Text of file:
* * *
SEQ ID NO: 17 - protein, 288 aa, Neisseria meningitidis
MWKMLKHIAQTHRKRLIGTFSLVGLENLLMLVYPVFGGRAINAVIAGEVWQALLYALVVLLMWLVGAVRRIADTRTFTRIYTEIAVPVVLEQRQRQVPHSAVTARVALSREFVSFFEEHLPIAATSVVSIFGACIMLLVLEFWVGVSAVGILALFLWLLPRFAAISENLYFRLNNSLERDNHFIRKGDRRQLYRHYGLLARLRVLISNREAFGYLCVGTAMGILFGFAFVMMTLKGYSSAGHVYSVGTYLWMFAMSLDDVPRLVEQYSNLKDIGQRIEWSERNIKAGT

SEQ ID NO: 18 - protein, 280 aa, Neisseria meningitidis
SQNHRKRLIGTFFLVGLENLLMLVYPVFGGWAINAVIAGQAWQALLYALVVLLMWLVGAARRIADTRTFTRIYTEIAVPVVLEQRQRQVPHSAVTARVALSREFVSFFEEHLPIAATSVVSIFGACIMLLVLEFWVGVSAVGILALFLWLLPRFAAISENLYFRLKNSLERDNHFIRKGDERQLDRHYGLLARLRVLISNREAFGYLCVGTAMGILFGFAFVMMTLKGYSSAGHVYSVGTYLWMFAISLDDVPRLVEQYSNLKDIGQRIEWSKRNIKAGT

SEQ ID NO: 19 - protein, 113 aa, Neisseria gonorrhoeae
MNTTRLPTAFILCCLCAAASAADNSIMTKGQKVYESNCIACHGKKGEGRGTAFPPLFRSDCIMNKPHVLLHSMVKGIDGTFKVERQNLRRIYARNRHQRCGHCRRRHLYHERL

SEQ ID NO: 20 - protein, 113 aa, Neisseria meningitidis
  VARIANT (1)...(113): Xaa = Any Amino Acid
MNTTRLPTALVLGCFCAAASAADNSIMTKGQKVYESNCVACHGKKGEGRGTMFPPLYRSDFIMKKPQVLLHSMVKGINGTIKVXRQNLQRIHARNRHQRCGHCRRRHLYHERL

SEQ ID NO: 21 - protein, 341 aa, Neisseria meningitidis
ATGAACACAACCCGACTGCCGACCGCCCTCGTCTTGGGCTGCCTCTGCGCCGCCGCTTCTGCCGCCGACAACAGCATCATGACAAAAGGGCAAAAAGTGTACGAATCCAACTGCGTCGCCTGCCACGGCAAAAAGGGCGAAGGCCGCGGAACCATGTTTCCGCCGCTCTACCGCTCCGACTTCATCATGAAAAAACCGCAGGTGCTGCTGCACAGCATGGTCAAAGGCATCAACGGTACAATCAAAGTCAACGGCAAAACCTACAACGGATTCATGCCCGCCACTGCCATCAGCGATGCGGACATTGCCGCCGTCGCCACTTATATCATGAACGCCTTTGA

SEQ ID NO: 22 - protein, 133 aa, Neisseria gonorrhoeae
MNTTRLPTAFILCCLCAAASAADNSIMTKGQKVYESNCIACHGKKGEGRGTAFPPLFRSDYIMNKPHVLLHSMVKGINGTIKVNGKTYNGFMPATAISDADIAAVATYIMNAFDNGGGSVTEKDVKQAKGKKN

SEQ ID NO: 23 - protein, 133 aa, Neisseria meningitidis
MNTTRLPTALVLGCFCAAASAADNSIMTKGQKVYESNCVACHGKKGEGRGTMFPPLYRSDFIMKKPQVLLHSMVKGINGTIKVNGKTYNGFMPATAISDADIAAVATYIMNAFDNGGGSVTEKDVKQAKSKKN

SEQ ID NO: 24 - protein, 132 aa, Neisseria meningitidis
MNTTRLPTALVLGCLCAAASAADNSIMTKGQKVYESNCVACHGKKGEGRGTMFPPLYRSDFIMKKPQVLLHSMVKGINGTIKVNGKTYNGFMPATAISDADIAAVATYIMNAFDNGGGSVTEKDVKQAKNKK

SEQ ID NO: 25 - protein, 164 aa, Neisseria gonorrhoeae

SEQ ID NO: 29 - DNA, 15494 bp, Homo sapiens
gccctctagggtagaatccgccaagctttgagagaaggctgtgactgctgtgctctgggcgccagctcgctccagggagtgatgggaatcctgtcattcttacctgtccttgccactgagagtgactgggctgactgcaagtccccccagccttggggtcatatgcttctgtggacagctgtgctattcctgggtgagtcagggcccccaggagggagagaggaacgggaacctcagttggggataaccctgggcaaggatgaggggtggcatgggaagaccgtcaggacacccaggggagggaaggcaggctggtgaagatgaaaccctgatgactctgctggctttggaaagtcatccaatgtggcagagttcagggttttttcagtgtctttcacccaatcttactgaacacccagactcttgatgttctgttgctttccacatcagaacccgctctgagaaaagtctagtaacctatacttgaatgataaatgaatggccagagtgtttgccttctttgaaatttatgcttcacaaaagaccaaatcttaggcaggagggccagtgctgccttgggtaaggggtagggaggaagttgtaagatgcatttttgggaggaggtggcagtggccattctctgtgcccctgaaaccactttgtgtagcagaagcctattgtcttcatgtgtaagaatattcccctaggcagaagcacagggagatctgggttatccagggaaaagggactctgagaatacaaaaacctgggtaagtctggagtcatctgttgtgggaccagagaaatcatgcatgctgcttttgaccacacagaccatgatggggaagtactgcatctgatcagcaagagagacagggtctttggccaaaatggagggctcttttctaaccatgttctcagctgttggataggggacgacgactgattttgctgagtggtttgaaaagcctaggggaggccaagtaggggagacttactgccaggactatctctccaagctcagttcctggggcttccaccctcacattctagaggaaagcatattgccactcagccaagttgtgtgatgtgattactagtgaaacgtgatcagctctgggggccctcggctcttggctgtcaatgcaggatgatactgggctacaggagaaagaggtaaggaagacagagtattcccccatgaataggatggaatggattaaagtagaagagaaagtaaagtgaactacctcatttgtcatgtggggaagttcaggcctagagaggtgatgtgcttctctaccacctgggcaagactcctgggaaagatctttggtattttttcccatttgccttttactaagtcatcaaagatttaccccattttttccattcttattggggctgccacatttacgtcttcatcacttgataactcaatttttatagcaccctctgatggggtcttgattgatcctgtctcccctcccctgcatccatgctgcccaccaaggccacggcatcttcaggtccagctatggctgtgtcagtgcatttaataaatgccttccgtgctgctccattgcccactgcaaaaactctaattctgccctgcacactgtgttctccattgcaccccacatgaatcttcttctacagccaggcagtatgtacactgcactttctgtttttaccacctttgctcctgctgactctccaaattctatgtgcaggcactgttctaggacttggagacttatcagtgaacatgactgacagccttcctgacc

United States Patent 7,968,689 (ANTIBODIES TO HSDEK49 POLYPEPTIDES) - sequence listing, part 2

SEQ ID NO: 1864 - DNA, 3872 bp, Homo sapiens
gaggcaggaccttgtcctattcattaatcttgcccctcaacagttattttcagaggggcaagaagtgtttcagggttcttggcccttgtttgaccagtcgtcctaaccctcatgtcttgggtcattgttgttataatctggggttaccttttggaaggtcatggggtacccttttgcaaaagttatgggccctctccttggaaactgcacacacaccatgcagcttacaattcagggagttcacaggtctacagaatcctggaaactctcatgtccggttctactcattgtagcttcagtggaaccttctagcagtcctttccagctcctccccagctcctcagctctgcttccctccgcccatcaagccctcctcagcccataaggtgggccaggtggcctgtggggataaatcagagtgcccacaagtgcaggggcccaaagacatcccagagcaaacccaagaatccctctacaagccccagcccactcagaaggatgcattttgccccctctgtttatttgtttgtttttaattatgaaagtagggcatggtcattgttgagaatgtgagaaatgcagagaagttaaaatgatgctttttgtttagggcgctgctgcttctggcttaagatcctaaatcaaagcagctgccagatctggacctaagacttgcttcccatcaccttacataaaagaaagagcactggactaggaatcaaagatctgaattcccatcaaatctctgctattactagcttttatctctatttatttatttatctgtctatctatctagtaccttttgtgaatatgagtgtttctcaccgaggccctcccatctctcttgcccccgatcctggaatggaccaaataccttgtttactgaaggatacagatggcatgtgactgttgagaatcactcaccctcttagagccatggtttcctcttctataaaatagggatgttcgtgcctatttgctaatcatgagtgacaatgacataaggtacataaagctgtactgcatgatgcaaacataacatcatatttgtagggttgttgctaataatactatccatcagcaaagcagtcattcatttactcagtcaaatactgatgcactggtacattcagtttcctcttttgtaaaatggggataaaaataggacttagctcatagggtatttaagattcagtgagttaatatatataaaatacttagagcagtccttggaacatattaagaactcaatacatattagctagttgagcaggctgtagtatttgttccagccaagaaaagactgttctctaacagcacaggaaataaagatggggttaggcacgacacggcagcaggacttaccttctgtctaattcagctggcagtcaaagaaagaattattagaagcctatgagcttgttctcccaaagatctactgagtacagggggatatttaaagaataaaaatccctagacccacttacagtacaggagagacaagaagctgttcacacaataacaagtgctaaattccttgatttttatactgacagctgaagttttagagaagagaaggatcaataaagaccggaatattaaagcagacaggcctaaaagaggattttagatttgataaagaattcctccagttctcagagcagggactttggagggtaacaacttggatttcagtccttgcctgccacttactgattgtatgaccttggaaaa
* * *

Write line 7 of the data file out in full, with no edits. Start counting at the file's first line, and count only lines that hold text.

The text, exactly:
SEQ ID NO: 20 - protein, 113 aa, Neisseria meningitidis